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Will of Samuel Woodley
In re Samuel Woodley deceased
In the name of God Amen I Samuel Woodley of Saint John's in the Island of Newfoundland Planter being about to leave this country for England do make this my last will & testament and first it is my will and desire that all my lawful debts be paid.
Secondly I give and bequeath to my beloved wife Mary Woodley all and every part of my property consisting of lands tenements hereditaments monies goods & chattels of whatsoever nature and kind soeer whether in Newfoundland or eslewhere and the rents and interest of money arising therefrom to be applied to her use during her natural life or widowhood but should my said wife again be married or die before or after my sons Samuel Barter Woodley and William Woodley shall have attained their respective ages of twenty one years then immediately on such marriage or death the whole of the aforesaid property consisting of lands tenements hereditaments monies goods & chattels of whatsoever nature and kind soever then being in Newfoundland or elsewhere I give and bequeath to my said sons Samuel Barter Woodley and William Woodley and their heirs and assigns for ever.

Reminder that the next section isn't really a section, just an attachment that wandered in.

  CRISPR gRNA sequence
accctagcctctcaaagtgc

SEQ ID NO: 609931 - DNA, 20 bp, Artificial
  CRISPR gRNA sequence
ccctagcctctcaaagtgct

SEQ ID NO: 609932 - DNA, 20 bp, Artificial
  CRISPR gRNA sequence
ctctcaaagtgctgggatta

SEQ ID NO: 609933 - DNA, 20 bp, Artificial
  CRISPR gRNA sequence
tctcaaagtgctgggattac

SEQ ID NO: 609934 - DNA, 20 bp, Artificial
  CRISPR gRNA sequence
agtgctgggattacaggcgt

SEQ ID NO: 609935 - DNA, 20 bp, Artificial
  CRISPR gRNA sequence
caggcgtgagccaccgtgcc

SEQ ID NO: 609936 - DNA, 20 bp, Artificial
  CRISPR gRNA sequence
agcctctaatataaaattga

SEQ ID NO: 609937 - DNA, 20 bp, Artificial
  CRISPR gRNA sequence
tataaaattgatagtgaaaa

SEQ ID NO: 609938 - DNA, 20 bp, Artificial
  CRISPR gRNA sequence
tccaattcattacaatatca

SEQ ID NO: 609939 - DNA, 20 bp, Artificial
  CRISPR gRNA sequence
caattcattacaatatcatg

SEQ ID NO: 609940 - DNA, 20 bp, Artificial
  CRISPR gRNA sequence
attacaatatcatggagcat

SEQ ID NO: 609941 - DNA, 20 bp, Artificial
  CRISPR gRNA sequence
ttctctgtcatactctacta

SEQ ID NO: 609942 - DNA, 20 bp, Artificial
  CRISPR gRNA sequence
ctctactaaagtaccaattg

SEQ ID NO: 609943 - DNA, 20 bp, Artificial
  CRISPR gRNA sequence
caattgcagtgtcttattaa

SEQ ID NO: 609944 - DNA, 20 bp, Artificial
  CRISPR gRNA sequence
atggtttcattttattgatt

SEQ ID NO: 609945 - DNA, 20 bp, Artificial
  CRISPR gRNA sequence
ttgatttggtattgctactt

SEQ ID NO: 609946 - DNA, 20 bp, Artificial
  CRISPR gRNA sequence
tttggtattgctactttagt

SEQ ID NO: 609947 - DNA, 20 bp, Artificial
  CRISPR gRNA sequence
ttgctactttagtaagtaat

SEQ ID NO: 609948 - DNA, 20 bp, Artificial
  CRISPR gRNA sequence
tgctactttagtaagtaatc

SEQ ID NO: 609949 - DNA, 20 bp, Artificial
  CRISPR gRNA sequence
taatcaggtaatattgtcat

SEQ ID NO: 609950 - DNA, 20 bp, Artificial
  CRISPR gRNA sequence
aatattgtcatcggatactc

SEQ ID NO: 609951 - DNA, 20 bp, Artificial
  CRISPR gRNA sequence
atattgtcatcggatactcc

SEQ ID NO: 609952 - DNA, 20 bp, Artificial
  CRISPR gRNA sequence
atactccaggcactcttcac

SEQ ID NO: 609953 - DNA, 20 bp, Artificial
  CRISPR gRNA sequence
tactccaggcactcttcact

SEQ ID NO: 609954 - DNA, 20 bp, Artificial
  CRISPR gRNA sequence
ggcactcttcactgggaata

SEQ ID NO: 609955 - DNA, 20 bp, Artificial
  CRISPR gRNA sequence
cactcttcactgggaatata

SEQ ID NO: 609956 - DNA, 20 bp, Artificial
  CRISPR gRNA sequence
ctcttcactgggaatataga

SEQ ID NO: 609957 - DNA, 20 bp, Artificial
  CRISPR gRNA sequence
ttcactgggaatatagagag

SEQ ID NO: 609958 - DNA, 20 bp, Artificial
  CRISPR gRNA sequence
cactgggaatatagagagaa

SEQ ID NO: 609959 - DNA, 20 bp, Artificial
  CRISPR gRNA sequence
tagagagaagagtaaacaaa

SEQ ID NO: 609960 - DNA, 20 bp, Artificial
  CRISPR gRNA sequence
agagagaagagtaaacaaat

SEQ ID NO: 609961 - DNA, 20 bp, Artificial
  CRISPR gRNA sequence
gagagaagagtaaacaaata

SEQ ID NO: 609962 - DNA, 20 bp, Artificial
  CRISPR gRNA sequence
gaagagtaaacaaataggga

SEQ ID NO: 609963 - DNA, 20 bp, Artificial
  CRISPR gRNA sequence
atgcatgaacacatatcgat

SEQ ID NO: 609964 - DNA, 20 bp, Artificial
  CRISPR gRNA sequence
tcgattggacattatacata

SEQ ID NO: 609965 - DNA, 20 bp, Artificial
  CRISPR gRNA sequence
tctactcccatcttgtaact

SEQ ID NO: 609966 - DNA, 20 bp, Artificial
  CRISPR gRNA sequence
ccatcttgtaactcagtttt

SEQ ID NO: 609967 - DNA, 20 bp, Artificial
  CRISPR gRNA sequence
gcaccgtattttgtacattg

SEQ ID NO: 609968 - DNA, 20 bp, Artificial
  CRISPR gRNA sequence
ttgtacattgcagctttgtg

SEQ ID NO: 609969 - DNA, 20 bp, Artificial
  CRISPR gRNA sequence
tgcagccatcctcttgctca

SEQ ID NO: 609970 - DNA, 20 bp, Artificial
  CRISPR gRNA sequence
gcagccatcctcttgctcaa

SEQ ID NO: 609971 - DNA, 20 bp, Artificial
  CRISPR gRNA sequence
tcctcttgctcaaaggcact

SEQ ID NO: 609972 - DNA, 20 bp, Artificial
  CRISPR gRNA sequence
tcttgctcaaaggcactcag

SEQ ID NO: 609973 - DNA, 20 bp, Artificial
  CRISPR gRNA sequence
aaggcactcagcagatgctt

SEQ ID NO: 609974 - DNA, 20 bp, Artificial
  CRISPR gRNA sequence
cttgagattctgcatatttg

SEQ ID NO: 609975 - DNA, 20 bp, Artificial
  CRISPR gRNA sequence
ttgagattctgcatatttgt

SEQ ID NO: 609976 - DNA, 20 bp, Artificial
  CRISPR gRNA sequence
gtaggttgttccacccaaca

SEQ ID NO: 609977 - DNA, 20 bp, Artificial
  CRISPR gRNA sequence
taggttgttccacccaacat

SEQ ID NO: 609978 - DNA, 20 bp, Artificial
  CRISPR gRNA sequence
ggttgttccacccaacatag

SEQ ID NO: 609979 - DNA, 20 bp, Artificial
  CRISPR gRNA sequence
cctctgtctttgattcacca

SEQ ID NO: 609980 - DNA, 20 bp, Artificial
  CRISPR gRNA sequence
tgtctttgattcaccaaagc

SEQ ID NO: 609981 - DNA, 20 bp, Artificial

And I do hereby appoint William Thomas & George Lilly both of Saint John's Executors of this my last will & testament. In witness whereof I have to this my last will and testament subscribed my name and affixed my seal at Saint John's aforesaid the fourteenth day of December in the year of our Lord one thousand eight hundred and twenty four. Samuel Woodley [LS]
Signed sealed published and declared by the said Samuel Woodley to be his last will and testament in the presence of us, the words "or after" being first written between the seventeenth & eighteenth lines of the first side & William Thomas first written over Newman Wright Hoyles through which a line was made. William Hayward. Geo. A. Lilly.
Certified correct D.M. Browning
|Note: The wills in those will books are NOT actual wills. They are hand-written copies of a, "last will and testament," written by the court clerk, after the death of the testator, when the executor presented them to the court for probate. The court clerk didn't list the signatures at the bottom, he (or she) just put them in the book in whatever order they were in, on the original document, no spacing most of the time, no punctuation. The originals were kept by the executor. |
We, who have typed these wills, have made every effort to include all the errors that were on the microfilm, in order to avoid destroying the integrity of the originals, where ever they may be.
Page contributed by Judy Benson and transcribed by Wendy Weller
REVISED BY: Ivy F. Benoit April 19, 2002
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